Are you ethical?
Everyone thinks they are. In fact, if you ask a group of people to raise their hands if they’re more ethical than average, almost all the hands will shoot up. Part of this is cognitive bias—most folks think they’re better than average at most things. But ethics is particularly important, because so much of our economy depends on trust. From Enron to Bernie Madoff, we’ve seen that trust broken. But sometimes business practices designed to encourage good behavior actually remove ethics from the picture.
In a recent study participants were asked to play the role of a manufacturer in an industry that emitted a toxic gas. Some were told that they would be fined if they didn’t reduce emissions; the other group was encouraged to do so but faced no financial penalties. Surprisingly, the group that didn’t face the sanctions emitted less toxic gas than the group that did. Apparently, economic incentives removed the decision from the moral sphere and made it purely financial.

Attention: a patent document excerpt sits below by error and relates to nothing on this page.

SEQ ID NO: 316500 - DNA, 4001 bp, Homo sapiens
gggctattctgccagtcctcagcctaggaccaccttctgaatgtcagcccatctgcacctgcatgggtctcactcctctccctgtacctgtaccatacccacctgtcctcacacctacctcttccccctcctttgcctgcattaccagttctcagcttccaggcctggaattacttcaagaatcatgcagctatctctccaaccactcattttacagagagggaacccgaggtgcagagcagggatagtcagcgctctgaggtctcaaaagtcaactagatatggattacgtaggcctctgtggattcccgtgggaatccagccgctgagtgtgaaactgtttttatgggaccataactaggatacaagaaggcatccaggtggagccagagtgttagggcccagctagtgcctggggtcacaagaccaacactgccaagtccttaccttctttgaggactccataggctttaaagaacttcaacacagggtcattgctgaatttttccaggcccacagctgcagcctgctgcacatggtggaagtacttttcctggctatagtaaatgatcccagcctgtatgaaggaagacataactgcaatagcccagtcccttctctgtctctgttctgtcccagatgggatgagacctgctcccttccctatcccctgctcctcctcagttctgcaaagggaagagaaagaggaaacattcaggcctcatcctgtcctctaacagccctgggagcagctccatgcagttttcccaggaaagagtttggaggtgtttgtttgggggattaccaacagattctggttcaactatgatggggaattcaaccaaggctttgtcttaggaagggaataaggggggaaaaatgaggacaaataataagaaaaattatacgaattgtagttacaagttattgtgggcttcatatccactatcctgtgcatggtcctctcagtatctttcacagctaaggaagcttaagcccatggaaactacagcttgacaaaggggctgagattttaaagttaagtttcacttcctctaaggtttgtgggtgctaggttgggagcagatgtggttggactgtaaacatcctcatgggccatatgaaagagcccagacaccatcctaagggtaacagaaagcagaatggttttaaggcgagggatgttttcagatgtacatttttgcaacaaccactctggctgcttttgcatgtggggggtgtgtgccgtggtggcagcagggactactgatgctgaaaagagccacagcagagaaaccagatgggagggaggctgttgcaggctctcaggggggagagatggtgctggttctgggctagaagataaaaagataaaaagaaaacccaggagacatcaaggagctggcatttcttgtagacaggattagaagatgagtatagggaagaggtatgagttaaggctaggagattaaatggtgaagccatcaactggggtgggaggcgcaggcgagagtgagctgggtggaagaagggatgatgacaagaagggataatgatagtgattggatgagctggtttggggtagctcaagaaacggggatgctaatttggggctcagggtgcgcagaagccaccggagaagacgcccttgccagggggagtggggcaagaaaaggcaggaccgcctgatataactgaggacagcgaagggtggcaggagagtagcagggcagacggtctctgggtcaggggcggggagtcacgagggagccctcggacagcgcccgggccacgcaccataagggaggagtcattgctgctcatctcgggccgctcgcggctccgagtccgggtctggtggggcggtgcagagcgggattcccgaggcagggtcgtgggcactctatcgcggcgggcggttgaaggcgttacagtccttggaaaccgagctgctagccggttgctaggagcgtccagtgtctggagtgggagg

Ethical fading like this allows us to justify our own actions and overlook the unethical actions of others. Part of the reason is that our lives are so complex. When firms and individuals have too many roles, self-serving conflicts are bound to come up. One solution is to simplify: auditors should just audit; brokers should just transact; banks should just gather deposits and lend.
Good people unknowingly contribute to bad behavior. Only when we understand our own biases can we go beyond fines and disclosures and deal with our blind spots.
Douglas R. Tengdin, CFA
Chief Investment Officer
Hit reply if you have any questions—I read them all!
Follow me on Twitter @GlobalMarketUpd